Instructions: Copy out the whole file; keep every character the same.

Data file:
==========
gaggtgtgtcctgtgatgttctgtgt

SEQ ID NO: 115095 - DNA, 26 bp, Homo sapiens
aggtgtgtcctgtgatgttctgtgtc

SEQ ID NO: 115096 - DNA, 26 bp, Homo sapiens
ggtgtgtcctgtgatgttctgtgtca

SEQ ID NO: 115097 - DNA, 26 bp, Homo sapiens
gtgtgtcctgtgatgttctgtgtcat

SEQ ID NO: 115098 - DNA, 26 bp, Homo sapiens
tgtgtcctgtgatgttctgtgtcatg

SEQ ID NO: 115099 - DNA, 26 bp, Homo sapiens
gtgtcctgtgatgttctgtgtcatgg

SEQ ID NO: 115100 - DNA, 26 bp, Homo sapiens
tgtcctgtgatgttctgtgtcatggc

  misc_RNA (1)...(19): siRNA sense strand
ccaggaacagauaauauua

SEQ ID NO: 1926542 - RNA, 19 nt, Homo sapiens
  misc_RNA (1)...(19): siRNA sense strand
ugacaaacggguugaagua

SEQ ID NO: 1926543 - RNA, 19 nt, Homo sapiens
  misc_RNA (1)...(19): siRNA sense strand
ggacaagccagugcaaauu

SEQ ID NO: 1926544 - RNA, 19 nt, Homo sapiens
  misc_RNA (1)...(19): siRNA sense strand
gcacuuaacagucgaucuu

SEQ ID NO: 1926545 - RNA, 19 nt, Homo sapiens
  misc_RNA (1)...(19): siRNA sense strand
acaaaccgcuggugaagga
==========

gaggtgtgtcctgtgatgttctgtgt

SEQ ID NO: 115095 - DNA, 26 bp, Homo sapiens
aggtgtgtcctgtgatgttctgtgtc

SEQ ID NO: 115096 - DNA, 26 bp, Homo sapiens
ggtgtgtcctgtgatgttctgtgtca

SEQ ID NO: 115097 - DNA, 26 bp, Homo sapiens
gtgtgtcctgtgatgttctgtgtcat

SEQ ID NO: 115098 - DNA, 26 bp, Homo sapiens
tgtgtcctgtgatgttctgtgtcatg

SEQ ID NO: 115099 - DNA, 26 bp, Homo sapiens
gtgtcctgtgatgttctgtgtcatgg

SEQ ID NO: 115100 - DNA, 26 bp, Homo sapiens
tgtcctgtgatgttctgtgtcatggc

  misc_RNA (1)...(19): siRNA sense strand
ccaggaacagauaauauua

SEQ ID NO: 1926542 - RNA, 19 nt, Homo sapiens
  misc_RNA (1)...(19): siRNA sense strand
ugacaaacggguugaagua

SEQ ID NO: 1926543 - RNA, 19 nt, Homo sapiens
  misc_RNA (1)...(19): siRNA sense strand
ggacaagccagugcaaauu

SEQ ID NO: 1926544 - RNA, 19 nt, Homo sapiens
  misc_RNA (1)...(19): siRNA sense strand
gcacuuaacagucgaucuu

SEQ ID NO: 1926545 - RNA, 19 nt, Homo sapiens
  misc_RNA (1)...(19): siRNA sense strand
acaaaccgcuggugaagga